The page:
There are many ways to go about this, but one of the best ways is to simply create a separate partition on your external drive. By doing this, you have a dedicated partition for file storage, and a dedicated partition for your Time Machine backups.
Although it’s possible to store files on your Time Machine partition, in my opinion, it’s a better practice to keep them separated. In this fourth entry into our Time Machine tutorial series, I’ll show you how simple it is to create a second partition on your Time Machine external drive.
Time Machine is very useful, because not only does it allow you to back up all of your user data, but it also allows you to selectively view and restore portions of that data, even down to individual files.
In this tutorial, the forth in our series about Time Machine, I’m going to show you to how to view and restore an individual file using a Time Machine backup.
In our third Time Machine tutorial for OS X, we’ll show you how to exclude specific files or folders from being included in your Time Machine backup. You’ll find that it’s extremely easy to curate your Time Machine backups using its preferences.
The thing that I really like about Time Machine is that you can exclude not only individual files, but entire folders of files as well. Have a look at our easy to use tutorial to find out how you can exclude certain data from becoming a part of your backup.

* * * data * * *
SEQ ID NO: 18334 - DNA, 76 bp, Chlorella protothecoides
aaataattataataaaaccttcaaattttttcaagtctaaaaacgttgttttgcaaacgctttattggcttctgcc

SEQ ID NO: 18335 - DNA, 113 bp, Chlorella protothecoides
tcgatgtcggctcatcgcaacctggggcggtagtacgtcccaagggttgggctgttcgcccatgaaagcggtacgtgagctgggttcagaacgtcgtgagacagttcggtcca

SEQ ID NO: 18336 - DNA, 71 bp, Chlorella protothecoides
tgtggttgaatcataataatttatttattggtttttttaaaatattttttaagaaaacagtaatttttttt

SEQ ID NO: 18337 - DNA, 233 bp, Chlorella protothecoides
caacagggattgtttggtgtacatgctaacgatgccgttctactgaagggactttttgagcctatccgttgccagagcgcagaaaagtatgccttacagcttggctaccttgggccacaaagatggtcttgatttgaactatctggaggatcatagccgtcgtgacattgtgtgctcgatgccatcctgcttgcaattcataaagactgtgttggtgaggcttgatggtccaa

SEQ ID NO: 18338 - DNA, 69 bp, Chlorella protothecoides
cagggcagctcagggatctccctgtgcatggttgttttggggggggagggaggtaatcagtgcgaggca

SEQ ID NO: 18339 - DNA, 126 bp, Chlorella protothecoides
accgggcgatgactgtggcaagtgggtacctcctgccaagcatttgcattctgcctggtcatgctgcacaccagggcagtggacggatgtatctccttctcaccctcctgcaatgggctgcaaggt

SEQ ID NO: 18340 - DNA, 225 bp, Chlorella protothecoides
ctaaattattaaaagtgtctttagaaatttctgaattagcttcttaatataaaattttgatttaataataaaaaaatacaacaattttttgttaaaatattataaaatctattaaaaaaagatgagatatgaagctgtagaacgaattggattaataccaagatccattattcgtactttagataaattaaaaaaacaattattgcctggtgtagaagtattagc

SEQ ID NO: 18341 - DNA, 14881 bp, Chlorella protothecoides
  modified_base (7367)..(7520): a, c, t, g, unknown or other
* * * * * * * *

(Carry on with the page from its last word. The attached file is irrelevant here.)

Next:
In our second Time Machine tutorial, we’re going to show you how to encrypt a Time Machine backup. Encrypting your backups is extremely easy and straightforward. All you need to do is select a single check box in order to enable encryption and enter a password. In this tutorial, we’ll show you how to do it, and why you should consider encrypting your backups.
Time Machine is a Mac utility that allows you to automate hourly, daily, and weekly backups on an external drive that’s connected directly to your Mac or via a local network. It’s seen as the first line of defense against data loss, and features simple setup.
Setting up Time Machine, in its most basic configuration, is extremely easy. All you need to do is launch the Time Machine preferences, turn on Time Machine, select a Backup Disk, and you’re pretty much set.
Of course, there’s much more to Time Machine than just the initial setup, but in this first post in our Time Machine tutorial series for OS X, we’ll cover some of the basic set up options.
Despite all the talk of a problematic decline in software quality, Apple is feeling your pain and isn’t standing still.
Currently in testing, a second update to OS X Yosemite is due later this week. First of all, Mac OS X 10.10.2 apparently squashes that annoying bug which manifests itself annoyingly as intermittent Wi-Fi issues.
Another one resolves a bug preventing your Mac from reconnecting to a Wi-Fi network after waking from sleep, causing you to manually disable and re-enable Wi-Fi, which gets old fast.
Next, iCloud Drive should be now accessible directly in Time Machine, including the ability to track changes to files and documents.
Moreover, 10.10.2 prevents the so-called ‘Thunderstrike’ hardware exploit which targets Macs equipped with high-bandwidth Thunderbolt ports and also includes other important fixes.